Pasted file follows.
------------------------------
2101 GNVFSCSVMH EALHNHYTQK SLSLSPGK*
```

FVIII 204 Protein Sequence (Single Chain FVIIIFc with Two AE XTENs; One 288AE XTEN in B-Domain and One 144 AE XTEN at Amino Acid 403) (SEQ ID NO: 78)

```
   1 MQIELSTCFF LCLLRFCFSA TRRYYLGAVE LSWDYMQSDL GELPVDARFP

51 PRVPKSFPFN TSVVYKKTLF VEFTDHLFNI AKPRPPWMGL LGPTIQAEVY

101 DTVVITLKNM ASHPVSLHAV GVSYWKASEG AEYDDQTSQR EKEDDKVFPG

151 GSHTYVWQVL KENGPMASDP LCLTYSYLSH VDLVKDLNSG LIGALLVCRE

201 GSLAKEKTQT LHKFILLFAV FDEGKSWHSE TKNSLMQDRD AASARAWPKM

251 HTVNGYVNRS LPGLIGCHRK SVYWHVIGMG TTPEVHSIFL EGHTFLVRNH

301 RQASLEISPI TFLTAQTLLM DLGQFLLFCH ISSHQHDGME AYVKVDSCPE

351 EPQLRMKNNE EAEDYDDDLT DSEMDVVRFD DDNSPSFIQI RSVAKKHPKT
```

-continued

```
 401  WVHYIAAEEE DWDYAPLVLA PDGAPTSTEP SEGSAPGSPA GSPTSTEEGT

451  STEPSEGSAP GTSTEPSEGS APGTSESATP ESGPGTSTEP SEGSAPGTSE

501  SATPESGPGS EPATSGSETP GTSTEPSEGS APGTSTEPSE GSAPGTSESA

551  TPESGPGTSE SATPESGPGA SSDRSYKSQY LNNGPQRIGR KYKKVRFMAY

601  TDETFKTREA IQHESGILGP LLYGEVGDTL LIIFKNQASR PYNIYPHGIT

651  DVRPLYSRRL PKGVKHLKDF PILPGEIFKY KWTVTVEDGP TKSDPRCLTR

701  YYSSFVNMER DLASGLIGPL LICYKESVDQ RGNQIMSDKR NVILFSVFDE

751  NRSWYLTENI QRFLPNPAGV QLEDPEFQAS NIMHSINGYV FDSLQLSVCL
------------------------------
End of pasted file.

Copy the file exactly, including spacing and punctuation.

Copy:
2101 GNVFSCSVMH EALHNHYTQK SLSLSPGK*
```

FVIII 204 Protein Sequence (Single Chain FVIIIFc with Two AE XTENs; One 288AE XTEN in B-Domain and One 144 AE XTEN at Amino Acid 403) (SEQ ID NO: 78)

```
   1 MQIELSTCFF LCLLRFCFSA TRRYYLGAVE LSWDYMQSDL GELPVDARFP

51 PRVPKSFPFN TSVVYKKTLF VEFTDHLFNI AKPRPPWMGL LGPTIQAEVY

101 DTVVITLKNM ASHPVSLHAV GVSYWKASEG AEYDDQTSQR EKEDDKVFPG

151 GSHTYVWQVL KENGPMASDP LCLTYSYLSH VDLVKDLNSG LIGALLVCRE

201 GSLAKEKTQT LHKFILLFAV FDEGKSWHSE TKNSLMQDRD AASARAWPKM

251 HTVNGYVNRS LPGLIGCHRK SVYWHVIGMG TTPEVHSIFL EGHTFLVRNH

301 RQASLEISPI TFLTAQTLLM DLGQFLLFCH ISSHQHDGME AYVKVDSCPE

351 EPQLRMKNNE EAEDYDDDLT DSEMDVVRFD DDNSPSFIQI RSVAKKHPKT
```

-continued

```
 401  WVHYIAAEEE DWDYAPLVLA PDGAPTSTEP SEGSAPGSPA GSPTSTEEGT

451  STEPSEGSAP GTSTEPSEGS APGTSESATP ESGPGTSTEP SEGSAPGTSE

501  SATPESGPGS EPATSGSETP GTSTEPSEGS APGTSTEPSE GSAPGTSESA

551  TPESGPGTSE SATPESGPGA SSDRSYKSQY LNNGPQRIGR KYKKVRFMAY

601  TDETFKTREA IQHESGILGP LLYGEVGDTL LIIFKNQASR PYNIYPHGIT

651  DVRPLYSRRL PKGVKHLKDF PILPGEIFKY KWTVTVEDGP TKSDPRCLTR

701  YYSSFVNMER DLASGLIGPL LICYKESVDQ RGNQIMSDKR NVILFSVFDE

751  NRSWYLTENI QRFLPNPAGV QLEDPEFQAS NIMHSINGYV FDSLQLSVCL